Cord cutting more than doubled in 2015 compared to 2014, but the pattern by which pay-television providers lost and gained customers suggest the trend might be sputtering out.
Last year, the 13 largest pay-TV providers in the United States, which between them cover about 95% of the market, lost 385,000 net video subscribers, according to Leichtman Research Group (LRG). That's more than twice the 150,000 subscribers lost in 2014 and nearly four times the 100,000 paying customers the industry said goodbye to in 2013.
On the surface, that would suggest that the rate at which people are dropping pay-TV for cheaper streaming alternatives has accelerated. But in fact, the trajectory shifted sharply during the fourth quarter of 2015. During the final three months of the year, the pay-TV industry gained hundreds of thousands of subscribers, cutting a loss of roughly 650,000 customers through the first three quarters to just 385,000 for the full year.
"2015 marked the third consecutive year for pay-TV industry net losses, yet the total number of subscribers for major pay-TV providers (including DISH (NASDAQ:DISH) Sling TV) has declined by less than one million since the industry peaked in 1Q 2012," said LRG President Bruce Leichtman,
The picture those numbers paint is unclear. It's possible cord cutting is still slowly building steam, and the last quarter was simply an anomaly. It's also possible that the industry hit bottom and has started to recover.
A look at the numbers
The biggest shift was that the major cable companies, including Comcast (NASDAQ:CMCSA), Time Warner Cable (NYSE: TWC), and Charter Communications (NASDAQ:CHTR), saw their losses slow markedly, while the major telephone company providers saw defections accelerate.
The top nine cable companies lost about 345,000 video subscribers in 2015, a major improvement from the 1,215,000 subscribers they shed the previous year, according to LRG. AT&T (NYSE:T) and Verizon (NYSE:VZ), by contrast, lost 125,000 video subscribers in 2015, after net gains of about 1,050,000 subscribers in 2014. It was the telco segment's worst performance since 2006, the research firm reported.
Satellite providers also had what could be considered a down year. Even though DISH and DirecTV (which is now owned by AT&T) gained 86,000 subscribers in 2015, up from 20,000 in 2014, without the gains from low-cost Sling TV, the satellite segment would have lost 450,000 net customers. Of course, we can't know whether or not those Sling customers might have opted for a more expensive package had the skinny bundle not been an option, nor how many of them were downgrading from pricier packages as opposed to being cord-nevers coming on board.
"The top cable providers cumulatively had their best year since 2006, and had about 870,000 fewer losses than in 2014," Leichtman said. "Telcos had about 1,170,000 fewer net additions than in 2014, and had their worst year since they began providing video services in 2006."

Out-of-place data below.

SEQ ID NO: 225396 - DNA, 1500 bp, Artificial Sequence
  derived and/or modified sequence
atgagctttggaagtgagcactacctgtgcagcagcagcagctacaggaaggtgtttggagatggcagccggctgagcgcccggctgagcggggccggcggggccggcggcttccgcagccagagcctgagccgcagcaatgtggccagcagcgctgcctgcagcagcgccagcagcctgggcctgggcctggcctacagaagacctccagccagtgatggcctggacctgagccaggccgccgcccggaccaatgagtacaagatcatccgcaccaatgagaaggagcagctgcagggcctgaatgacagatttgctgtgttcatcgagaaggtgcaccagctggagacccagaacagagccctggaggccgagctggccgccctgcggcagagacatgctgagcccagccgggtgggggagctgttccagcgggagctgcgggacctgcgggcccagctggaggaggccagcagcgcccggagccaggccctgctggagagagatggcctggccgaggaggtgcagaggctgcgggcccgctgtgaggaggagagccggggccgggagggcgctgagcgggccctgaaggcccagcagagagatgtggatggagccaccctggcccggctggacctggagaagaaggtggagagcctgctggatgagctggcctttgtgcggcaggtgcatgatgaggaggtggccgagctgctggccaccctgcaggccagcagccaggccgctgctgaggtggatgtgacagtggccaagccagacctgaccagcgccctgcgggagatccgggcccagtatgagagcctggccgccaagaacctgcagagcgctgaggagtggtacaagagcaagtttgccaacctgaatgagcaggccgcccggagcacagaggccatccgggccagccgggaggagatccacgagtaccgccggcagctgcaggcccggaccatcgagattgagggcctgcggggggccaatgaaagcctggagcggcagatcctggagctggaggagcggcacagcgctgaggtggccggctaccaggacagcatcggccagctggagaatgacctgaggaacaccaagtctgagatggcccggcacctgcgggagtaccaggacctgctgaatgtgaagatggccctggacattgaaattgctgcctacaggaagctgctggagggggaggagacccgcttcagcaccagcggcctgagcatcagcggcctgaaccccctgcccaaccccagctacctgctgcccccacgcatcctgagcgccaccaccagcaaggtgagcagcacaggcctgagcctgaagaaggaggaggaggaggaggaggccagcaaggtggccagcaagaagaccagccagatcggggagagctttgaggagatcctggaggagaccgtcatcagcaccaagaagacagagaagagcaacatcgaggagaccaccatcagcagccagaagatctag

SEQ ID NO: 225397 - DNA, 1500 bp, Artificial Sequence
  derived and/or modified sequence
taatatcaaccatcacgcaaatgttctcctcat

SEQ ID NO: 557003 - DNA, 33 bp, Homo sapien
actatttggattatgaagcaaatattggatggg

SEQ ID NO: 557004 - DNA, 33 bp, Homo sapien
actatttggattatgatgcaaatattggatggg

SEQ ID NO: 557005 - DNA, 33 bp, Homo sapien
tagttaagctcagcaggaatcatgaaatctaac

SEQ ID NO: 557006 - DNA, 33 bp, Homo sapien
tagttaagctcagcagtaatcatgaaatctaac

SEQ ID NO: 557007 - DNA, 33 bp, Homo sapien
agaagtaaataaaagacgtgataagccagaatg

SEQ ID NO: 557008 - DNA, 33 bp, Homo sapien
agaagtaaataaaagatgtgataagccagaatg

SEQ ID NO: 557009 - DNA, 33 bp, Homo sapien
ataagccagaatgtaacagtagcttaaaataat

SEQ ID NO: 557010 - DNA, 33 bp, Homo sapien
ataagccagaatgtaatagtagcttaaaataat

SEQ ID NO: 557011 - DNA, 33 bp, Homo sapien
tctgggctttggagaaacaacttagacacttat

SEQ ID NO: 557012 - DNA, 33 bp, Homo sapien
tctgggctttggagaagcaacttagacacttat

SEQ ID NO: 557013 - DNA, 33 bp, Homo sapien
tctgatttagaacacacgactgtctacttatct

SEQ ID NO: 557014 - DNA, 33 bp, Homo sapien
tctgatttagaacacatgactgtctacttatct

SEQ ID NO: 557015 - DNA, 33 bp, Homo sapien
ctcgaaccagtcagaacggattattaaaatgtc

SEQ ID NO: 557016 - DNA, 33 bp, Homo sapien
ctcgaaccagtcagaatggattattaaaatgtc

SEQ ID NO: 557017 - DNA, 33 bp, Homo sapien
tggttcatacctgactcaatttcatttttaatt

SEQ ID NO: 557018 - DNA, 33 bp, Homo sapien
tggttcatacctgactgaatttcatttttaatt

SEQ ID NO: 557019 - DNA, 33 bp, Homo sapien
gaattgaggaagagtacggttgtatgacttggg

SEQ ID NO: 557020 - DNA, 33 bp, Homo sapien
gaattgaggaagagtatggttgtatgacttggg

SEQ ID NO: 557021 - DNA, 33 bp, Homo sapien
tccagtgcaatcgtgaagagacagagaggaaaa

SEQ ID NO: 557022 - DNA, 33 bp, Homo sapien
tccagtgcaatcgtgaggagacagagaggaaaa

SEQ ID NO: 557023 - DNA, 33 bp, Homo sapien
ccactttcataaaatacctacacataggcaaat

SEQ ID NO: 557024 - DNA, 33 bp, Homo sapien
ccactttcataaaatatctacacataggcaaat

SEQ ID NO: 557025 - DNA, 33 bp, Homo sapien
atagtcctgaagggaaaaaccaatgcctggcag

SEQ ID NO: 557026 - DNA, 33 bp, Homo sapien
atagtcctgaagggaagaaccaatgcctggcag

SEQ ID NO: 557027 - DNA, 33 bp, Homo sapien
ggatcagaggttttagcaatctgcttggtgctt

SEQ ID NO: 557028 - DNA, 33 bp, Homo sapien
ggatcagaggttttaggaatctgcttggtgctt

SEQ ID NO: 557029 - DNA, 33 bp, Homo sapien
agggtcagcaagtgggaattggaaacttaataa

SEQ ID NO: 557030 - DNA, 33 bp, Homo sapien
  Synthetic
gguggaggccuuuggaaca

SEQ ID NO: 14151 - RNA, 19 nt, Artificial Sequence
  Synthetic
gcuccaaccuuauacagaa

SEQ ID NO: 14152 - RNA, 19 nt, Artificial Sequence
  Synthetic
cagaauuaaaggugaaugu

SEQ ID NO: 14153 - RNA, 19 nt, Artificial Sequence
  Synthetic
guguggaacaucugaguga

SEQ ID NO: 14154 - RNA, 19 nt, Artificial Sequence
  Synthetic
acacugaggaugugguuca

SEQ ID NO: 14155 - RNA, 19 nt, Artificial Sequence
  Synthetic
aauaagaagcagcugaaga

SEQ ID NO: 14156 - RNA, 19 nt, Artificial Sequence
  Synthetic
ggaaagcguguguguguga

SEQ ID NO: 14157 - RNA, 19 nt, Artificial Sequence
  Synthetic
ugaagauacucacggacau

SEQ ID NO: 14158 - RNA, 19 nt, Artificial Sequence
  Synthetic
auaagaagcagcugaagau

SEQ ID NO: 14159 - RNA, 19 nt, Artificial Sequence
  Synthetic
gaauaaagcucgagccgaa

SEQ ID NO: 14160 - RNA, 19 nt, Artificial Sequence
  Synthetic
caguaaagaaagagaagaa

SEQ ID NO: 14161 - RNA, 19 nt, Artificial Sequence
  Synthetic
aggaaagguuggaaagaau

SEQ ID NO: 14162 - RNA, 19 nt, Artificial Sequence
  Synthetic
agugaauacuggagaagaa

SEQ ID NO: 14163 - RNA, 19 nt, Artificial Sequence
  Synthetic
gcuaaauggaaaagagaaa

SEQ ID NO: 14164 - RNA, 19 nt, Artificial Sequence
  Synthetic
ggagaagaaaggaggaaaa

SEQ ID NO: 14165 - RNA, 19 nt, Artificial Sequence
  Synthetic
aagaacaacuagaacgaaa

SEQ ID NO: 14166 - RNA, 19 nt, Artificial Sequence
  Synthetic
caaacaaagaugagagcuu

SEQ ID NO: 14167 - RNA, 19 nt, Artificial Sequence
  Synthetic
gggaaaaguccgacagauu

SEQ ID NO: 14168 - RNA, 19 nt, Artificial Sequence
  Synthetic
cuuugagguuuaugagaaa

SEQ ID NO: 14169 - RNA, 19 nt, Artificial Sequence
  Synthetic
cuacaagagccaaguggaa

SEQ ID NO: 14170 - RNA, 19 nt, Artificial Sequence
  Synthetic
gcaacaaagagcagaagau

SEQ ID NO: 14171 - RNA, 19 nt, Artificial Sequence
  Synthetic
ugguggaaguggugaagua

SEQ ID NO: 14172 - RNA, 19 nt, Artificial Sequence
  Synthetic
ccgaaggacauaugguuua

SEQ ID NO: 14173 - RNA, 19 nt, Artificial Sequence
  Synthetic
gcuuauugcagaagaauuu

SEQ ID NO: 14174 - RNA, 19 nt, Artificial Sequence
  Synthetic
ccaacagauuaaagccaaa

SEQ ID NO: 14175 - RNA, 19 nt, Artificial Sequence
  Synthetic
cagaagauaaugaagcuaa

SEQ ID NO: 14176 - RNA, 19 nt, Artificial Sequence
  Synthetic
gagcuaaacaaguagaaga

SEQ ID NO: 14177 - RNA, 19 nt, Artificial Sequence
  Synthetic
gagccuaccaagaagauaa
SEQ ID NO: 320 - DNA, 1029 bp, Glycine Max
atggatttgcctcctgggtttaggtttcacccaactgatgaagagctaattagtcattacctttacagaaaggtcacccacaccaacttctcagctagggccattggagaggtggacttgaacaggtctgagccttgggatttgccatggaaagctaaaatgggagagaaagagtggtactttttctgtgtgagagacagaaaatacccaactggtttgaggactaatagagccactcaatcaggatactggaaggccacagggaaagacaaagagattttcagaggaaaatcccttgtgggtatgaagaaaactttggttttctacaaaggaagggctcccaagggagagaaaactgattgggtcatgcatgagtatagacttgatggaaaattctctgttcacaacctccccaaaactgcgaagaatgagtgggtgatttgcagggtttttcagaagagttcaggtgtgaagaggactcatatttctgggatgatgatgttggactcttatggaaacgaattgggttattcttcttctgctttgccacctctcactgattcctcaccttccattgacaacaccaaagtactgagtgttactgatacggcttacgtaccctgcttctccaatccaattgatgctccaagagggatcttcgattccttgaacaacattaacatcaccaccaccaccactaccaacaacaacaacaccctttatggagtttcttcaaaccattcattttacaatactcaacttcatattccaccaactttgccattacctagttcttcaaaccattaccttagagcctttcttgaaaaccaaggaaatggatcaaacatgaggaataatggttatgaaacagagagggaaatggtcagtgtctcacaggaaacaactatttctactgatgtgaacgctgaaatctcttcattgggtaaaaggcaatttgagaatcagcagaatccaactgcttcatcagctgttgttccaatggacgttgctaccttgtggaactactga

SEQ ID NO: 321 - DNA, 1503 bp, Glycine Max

Making sense of the chaos
Parts of the pattern of gains and losses make a little more sense when you dig a bit deeper. AT&T U-Verse, for example, was a big loser as AT&T shifted some of its customers to DirecTV, which gained subscribers.
One can also see why full-price cable companies gained even as the often cheaper (at least during promotional periods) telco and traditional satellite services suffered. It seems likely that people seeking a better deal would opt for the major savings of cutting the cord (or going with Sling) rather than saving only a few dollars by opting for a slightly cheaper satellite or telco provider.
During the fourth quarter, it seems like there was a rush toward full-priced, full-service cable companies among the people looking to shell out for pay-TV. That squeezed the lower-end of the traditional market, while also creating an audience for Sling TV.
Going forward it seems like cord-cutting may have stalled. At the very least, the overall percentages on a multi-year basis remain relatively small. That's not to say that the threat to the pay-TV industries has subsided, but it suggests that at worst, it's going to be a slow-growing problem.
The data also shows that the answer for pay-TV providers may not simply be going cheaper. For big cable, there is clearly value in offering a premium service at premium prices. For pay-TV company shareholders, this news should be heartening, because it shows that there is a high perceived value for cable among a large percentage of consumers. And that means the end of the industry is not nearly as imminent as many have predicted.